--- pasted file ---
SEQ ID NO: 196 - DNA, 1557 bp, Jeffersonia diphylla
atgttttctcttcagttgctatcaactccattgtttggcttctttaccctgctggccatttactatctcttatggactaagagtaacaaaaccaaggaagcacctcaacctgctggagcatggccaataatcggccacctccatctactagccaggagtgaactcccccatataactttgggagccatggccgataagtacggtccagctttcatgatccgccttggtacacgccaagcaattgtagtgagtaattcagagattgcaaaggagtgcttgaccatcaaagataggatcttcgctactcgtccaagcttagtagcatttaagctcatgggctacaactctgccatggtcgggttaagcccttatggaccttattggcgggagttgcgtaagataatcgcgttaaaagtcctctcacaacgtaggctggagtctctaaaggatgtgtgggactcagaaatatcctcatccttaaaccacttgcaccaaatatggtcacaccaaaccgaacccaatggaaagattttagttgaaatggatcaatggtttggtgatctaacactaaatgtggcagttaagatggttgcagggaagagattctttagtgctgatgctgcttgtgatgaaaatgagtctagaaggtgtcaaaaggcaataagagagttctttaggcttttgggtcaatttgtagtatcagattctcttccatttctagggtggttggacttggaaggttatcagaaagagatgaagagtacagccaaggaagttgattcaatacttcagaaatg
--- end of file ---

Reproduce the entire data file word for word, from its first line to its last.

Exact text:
SEQ ID NO: 196 - DNA, 1557 bp, Jeffersonia diphylla
atgttttctcttcagttgctatcaactccattgtttggcttctttaccctgctggccatttactatctcttatggactaagagtaacaaaaccaaggaagcacctcaacctgctggagcatggccaataatcggccacctccatctactagccaggagtgaactcccccatataactttgggagccatggccgataagtacggtccagctttcatgatccgccttggtacacgccaagcaattgtagtgagtaattcagagattgcaaaggagtgcttgaccatcaaagataggatcttcgctactcgtccaagcttagtagcatttaagctcatgggctacaactctgccatggtcgggttaagcccttatggaccttattggcgggagttgcgtaagataatcgcgttaaaagtcctctcacaacgtaggctggagtctctaaaggatgtgtgggactcagaaatatcctcatccttaaaccacttgcaccaaatatggtcacaccaaaccgaacccaatggaaagattttagttgaaatggatcaatggtttggtgatctaacactaaatgtggcagttaagatggttgcagggaagagattctttagtgctgatgctgcttgtgatgaaaatgagtctagaaggtgtcaaaaggcaataagagagttctttaggcttttgggtcaatttgtagtatcagattctcttccatttctagggtggttggacttggaaggttatcagaaagagatgaagagtacagccaaggaagttgattcaatacttcagaaatg